SUGAR DADDIES (Fred Guiol, USA 1927) In this early joint film, Stan Laurel and Oliver Hardy aren’t yet a team and appear in unusual roles: Ollie is the butler of oil millionaire Cyrus Brittle (James Finlayson), who promised to marry a woman while drunk, who now wants to blackmail 50,000 dollars from him with the help of her criminal brother. As Brittle’s lawyer, Stan climbs on his shoulders, throws on a long overcoat and tries to get past the armed gangster as Ollie’s overgrown wife: “Who is this sun flower?” A turbulent chase sequence through an amusement park thus ensues.
LEAVE ’EM LAUGHING (Clyde Bruckman, USA 1928) It’s Stan’s toothache that is supposed to being treated at the dental practice, even though it’s Ollie ends up losing a tooth, while they both become intoxicated by the contents streaming out of a bottle of laughing gas. On the way home in their Ford T, the two completely disinhibited laughers cause traffic chaos and drive the police officer at the crossroads to despair.
TWO TARS(James Parrott, USA 1928) Sailors Stan und Ollie get to know two young women at a chewing gum machine and head off for a country outing in high spirits and fake headgear. When they try to overtake all the other vehicles waiting at a construction site, it makes the start of a lovingly celebrated orgy of automobile destruction.
BIG BUSINESS (James W. Horne, USA 1929) “Don’t you want to buy a Christmas tree? Maybe your husband wants to buy one? – If you had a husband, would he buy one? Stan and Ollie go house to house in summery California as Christmas tree salesmen and end up in such a big argument with an annoyed potential customer (James Finlayson) that nothing stays in one piece.

RUGGLES OF RED GAP(USA 1935, 14. & 28.12.) In 1908, the Earl of Burnstead loses his butler Marmaduke Ruggles (Charles Laughton) to American rancher Egbert Floud (Charles Ruggles) at a poker game in Paris. In Red Gap, Washington, Floud explains to the English butler that conventions have no meaning in America. Due to Ruggles’ chosen way of expressing himself, however, he is initially taken to be a colonel in the British Army and rapidly becomes a society sensation. Sacked by Floud’s snobbish brother-in-law at his own initiative, Ruggles recites Abraham Lincoln’s Gettysburg Address (“all men are created equal”) to the astonishment of all those present in the saloon and decides to become the first in his family to step down from the profession of butler and determine his life himself. Alongside MAKE WAY FOR TOMORROW and LOVE AFFAIR, RUGGLES OF RED GAP was one of the three projects made by McCarey in the 30s that was truly close to his heart. In this emotional comedy, Charles Laughton received the first ever opportunity to demonstrate his comedic talent on the big screen and was celebrated for his reserved depiction of the title character.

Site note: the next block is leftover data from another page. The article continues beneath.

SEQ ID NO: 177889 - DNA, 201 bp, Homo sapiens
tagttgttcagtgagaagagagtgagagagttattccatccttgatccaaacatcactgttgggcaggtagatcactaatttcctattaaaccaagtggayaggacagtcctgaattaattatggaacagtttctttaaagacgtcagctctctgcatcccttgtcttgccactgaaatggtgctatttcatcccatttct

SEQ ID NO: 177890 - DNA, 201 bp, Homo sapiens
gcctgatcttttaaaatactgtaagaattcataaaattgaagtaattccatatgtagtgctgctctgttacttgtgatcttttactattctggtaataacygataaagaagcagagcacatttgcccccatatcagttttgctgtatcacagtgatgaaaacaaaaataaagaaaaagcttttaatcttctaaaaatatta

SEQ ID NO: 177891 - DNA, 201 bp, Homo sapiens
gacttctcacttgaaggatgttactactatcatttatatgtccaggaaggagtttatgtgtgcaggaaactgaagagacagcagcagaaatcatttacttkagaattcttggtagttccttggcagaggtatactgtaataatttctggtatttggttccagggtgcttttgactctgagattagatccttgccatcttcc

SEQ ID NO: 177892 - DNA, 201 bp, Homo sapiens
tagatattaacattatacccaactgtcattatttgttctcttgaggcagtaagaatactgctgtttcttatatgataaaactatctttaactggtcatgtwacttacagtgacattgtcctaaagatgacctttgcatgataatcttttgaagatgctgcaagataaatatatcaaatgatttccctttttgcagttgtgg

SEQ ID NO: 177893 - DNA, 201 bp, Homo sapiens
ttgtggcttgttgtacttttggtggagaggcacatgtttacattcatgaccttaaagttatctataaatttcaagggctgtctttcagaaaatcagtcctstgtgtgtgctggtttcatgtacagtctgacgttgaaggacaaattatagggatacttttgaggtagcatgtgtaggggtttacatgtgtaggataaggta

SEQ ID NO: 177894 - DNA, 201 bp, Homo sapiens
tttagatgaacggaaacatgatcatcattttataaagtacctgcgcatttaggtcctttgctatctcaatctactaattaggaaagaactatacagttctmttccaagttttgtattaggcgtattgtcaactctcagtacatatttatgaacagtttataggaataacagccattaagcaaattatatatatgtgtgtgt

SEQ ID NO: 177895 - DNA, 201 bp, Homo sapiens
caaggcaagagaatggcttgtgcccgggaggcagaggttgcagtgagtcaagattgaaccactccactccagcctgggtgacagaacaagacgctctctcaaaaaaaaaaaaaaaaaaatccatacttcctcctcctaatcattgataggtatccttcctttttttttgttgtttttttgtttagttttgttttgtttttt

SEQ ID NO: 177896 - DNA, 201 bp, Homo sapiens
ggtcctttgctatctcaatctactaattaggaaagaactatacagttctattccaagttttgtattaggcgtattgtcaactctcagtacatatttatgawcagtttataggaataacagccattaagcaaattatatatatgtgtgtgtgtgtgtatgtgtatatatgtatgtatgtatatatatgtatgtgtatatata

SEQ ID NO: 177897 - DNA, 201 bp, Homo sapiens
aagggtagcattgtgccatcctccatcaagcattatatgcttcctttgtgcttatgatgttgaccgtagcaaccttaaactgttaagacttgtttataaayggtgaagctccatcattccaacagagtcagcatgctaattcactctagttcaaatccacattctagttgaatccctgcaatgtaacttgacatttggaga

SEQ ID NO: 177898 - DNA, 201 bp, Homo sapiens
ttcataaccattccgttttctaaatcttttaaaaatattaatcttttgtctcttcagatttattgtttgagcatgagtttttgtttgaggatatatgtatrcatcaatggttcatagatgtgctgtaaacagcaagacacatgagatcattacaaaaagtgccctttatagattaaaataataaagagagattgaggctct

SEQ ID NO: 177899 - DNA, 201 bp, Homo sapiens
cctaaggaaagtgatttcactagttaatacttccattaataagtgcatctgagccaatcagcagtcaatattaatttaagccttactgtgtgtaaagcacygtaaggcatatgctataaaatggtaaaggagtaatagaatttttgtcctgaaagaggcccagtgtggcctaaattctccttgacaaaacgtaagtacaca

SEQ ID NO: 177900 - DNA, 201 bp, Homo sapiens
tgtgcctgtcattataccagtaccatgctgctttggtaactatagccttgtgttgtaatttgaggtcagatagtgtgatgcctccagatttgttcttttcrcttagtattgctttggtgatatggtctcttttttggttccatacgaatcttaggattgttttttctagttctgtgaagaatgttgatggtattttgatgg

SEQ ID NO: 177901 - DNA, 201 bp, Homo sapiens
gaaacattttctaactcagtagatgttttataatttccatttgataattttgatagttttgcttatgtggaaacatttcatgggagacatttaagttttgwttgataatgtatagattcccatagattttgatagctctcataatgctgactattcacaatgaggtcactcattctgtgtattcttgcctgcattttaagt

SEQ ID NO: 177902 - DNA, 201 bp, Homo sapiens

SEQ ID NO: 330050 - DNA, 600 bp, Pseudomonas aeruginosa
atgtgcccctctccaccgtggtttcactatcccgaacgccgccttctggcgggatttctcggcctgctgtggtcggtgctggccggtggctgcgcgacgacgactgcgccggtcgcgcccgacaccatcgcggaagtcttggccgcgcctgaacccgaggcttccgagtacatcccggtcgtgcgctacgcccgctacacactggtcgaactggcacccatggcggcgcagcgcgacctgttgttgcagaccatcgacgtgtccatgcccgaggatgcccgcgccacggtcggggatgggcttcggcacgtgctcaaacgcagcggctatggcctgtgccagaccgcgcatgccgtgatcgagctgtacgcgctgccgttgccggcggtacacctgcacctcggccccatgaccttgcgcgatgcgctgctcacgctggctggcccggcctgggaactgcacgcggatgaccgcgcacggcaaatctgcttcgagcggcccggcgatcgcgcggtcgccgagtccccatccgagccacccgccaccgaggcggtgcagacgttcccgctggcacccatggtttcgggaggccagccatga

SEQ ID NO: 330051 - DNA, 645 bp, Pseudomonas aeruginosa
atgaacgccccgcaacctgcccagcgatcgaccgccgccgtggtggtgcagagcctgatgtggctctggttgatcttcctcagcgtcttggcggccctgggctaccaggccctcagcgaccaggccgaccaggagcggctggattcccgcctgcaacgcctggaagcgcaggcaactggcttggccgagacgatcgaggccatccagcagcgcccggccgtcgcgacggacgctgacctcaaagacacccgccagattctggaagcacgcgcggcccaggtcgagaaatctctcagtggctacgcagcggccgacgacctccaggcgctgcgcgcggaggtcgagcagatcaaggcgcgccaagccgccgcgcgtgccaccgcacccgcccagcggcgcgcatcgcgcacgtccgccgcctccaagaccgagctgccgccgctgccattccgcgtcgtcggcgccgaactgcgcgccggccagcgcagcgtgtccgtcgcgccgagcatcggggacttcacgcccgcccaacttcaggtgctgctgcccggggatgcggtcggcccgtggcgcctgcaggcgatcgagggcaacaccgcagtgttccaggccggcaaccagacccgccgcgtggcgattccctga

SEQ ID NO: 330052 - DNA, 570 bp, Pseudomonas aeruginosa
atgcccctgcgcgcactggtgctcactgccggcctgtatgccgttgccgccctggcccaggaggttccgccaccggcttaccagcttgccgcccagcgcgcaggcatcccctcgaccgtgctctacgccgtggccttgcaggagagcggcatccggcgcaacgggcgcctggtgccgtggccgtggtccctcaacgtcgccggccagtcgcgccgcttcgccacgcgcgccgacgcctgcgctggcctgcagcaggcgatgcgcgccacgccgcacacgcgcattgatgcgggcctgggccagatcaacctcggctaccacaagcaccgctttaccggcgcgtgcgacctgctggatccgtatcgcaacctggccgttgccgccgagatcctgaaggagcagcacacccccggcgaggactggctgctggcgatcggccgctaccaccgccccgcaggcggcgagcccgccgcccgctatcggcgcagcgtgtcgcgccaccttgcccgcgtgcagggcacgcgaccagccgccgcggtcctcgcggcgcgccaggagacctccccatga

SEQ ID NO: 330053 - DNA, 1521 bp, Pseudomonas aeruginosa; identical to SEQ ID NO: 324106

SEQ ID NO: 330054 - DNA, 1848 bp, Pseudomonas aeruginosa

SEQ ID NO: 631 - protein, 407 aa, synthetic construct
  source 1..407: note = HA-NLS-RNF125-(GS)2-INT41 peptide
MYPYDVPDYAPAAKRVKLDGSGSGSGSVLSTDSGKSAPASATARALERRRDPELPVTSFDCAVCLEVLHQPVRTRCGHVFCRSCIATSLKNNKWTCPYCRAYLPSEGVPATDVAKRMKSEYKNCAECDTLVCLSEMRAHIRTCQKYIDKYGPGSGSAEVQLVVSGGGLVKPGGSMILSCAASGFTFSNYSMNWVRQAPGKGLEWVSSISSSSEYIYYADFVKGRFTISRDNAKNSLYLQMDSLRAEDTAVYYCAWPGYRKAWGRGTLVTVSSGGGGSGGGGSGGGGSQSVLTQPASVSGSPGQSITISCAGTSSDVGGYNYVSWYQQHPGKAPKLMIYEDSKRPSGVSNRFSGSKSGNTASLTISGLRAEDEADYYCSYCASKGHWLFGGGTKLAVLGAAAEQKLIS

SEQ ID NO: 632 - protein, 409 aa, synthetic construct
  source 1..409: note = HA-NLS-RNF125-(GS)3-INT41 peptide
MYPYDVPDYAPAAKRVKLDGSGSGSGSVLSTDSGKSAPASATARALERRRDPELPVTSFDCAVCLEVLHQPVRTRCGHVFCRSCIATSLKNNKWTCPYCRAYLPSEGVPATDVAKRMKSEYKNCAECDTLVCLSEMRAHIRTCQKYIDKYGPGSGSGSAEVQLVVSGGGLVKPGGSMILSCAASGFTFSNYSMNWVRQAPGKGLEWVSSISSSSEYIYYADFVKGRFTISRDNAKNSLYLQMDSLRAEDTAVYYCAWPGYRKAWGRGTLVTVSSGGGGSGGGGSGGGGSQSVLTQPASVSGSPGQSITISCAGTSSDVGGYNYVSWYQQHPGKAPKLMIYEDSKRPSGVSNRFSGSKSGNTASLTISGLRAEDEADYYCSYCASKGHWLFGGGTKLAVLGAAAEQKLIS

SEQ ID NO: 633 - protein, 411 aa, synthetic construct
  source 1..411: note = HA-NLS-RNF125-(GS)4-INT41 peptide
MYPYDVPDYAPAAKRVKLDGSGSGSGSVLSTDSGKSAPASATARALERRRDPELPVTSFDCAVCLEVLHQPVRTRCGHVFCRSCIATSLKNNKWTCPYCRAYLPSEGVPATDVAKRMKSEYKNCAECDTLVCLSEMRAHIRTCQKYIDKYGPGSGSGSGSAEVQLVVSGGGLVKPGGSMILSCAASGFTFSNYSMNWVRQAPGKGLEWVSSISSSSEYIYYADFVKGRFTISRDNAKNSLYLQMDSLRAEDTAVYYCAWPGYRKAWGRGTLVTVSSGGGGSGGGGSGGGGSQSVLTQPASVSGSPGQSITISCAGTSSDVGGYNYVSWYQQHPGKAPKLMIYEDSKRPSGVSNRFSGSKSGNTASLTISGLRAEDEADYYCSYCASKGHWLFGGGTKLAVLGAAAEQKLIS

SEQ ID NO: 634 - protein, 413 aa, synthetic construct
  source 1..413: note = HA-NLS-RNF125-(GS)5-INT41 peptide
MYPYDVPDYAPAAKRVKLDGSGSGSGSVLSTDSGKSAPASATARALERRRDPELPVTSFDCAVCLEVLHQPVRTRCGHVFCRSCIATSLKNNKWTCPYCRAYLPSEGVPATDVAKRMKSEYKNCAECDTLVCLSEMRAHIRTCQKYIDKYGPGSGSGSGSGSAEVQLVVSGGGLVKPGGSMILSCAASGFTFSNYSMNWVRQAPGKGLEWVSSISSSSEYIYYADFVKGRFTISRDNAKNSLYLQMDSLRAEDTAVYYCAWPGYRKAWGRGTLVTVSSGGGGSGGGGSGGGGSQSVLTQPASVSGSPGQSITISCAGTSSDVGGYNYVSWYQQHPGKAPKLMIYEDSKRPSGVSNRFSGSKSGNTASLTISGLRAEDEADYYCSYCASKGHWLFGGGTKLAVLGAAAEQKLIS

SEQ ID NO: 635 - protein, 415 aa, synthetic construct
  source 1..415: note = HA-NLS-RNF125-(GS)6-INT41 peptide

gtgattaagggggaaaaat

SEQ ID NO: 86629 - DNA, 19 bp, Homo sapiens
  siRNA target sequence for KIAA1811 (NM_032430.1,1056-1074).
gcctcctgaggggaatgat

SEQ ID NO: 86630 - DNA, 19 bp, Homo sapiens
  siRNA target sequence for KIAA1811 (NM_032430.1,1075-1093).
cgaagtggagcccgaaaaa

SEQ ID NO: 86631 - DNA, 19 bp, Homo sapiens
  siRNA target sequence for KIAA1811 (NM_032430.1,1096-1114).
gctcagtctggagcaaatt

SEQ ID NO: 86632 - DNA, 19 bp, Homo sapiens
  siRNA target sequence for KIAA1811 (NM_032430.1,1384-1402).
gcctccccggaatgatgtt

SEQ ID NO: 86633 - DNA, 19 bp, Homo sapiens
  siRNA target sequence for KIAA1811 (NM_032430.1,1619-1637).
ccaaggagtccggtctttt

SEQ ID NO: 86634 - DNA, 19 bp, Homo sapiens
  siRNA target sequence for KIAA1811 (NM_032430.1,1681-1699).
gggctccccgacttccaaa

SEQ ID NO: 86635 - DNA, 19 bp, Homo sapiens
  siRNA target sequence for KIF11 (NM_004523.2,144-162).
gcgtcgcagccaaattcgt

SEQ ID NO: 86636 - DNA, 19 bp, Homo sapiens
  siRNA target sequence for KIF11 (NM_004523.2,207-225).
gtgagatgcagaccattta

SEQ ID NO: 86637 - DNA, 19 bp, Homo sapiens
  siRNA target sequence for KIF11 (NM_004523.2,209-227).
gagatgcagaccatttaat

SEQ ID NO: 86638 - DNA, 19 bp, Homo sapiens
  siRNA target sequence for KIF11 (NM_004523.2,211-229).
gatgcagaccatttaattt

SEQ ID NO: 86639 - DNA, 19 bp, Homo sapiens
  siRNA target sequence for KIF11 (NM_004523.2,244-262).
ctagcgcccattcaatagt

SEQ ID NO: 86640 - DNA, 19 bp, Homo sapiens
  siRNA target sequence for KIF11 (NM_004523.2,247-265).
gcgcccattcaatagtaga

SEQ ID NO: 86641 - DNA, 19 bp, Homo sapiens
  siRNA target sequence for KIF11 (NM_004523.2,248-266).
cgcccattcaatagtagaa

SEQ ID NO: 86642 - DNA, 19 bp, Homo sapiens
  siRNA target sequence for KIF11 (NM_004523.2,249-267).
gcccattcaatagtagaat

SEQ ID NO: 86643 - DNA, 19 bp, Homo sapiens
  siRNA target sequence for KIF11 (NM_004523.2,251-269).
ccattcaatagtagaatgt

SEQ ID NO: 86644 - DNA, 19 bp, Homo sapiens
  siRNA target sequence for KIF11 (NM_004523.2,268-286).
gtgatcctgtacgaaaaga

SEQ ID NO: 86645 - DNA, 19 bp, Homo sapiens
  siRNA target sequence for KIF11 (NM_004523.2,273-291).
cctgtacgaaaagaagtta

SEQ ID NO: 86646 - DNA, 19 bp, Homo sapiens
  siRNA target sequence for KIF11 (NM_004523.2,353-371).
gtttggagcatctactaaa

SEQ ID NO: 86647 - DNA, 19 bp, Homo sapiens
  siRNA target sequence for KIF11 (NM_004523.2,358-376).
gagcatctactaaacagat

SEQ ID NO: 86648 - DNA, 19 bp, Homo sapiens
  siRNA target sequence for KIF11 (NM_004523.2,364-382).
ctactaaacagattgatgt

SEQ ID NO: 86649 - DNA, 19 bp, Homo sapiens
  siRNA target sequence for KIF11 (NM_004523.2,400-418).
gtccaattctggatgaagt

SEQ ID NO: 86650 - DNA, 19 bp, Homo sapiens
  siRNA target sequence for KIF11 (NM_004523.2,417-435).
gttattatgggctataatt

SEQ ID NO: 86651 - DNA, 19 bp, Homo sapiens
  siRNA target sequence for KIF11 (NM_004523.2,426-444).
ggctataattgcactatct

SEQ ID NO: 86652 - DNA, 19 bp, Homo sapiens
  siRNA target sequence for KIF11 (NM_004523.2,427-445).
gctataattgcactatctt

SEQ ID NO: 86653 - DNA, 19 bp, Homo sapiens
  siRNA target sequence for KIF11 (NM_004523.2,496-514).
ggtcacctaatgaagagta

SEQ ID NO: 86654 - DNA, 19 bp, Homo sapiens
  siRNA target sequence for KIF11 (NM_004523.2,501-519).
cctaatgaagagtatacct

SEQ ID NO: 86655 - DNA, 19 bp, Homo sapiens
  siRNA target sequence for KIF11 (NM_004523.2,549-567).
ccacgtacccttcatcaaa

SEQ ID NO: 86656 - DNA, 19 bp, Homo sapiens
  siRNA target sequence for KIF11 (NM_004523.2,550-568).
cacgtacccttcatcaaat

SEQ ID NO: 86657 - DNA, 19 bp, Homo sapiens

MY FAVORITE WIFE (Garson Kanin, USA 1940, 15. & 22.12.) Lawyer Nick Arden (Cary Grant) has his wife Ellen (Irene Dunne) declared legally deceased after she has been missing for seven years so that he can marry Bianca, the new woman at his side. Just as the newlyweds are setting off on their honeymoon, Ellen, long believed dead, suddenly returns: “How was my funeral?”. After an expedition ended in shipwreck, she was able to escape to a solitary island, where she was only now found. Yet Ellen and Nick’s reunion ends up being complicated: Nick is apprehensive at telling Bianca the truth, who for her part gets a neurologist involved due to his strange behavior. In the meantime, it becomes clear that Ellen wasn’t the only survivor of the expedition and spent seven years on the island with an attractive “Adam” (Randolph Scott), who would now like to marry his “Eve”. In addition, the life insurance company starts further investigations and Nick is accused of bigamy. Leo McCarey was supposed to direct this comedy of remarriage himself, a continuation of and variation on THE AWFUL TRUTH, but had to pass the reins to Garson Kanin after being involved in a serious car accident. After being released from hospital, he took over the editing of the film, which he also produced and co-wrote.

ONCE UPON A HONEYMOON (USA 1942, 16. & 28.12.) American radio reporter Patrick O’Toole (Cary Grant) uses former burlesque dancer Katie O’Hara (Ginger Rogers) to get to her future husband Baron von Luber (Walter Slezak’s Hollywood debut) in Vienna in 1938 in order to unmask him as having diplomatically paved the way for Hitler’s expansionist policies. The honeymoon leads the bridal couple across half of Europe, with O’Toole in hot pursuit; every country they visit is occupied by the German army shortly afterwards. At the time when National Socialist Germany was at the very height of its power, Leo McCarey set out to make his own patriotic contribution on the home front by mixing propaganda with the screwball comedy, romance, and the spy thriller – a balancing act that also came in for criticism. The highpoint of the film is a program on Nazi radio in which O’Toole, who has apparently changed sides, praises the vain baron live and with “shpontanuity” as Nazi No. 5, whose rise to Nazi No. 2 is merely a matter of time.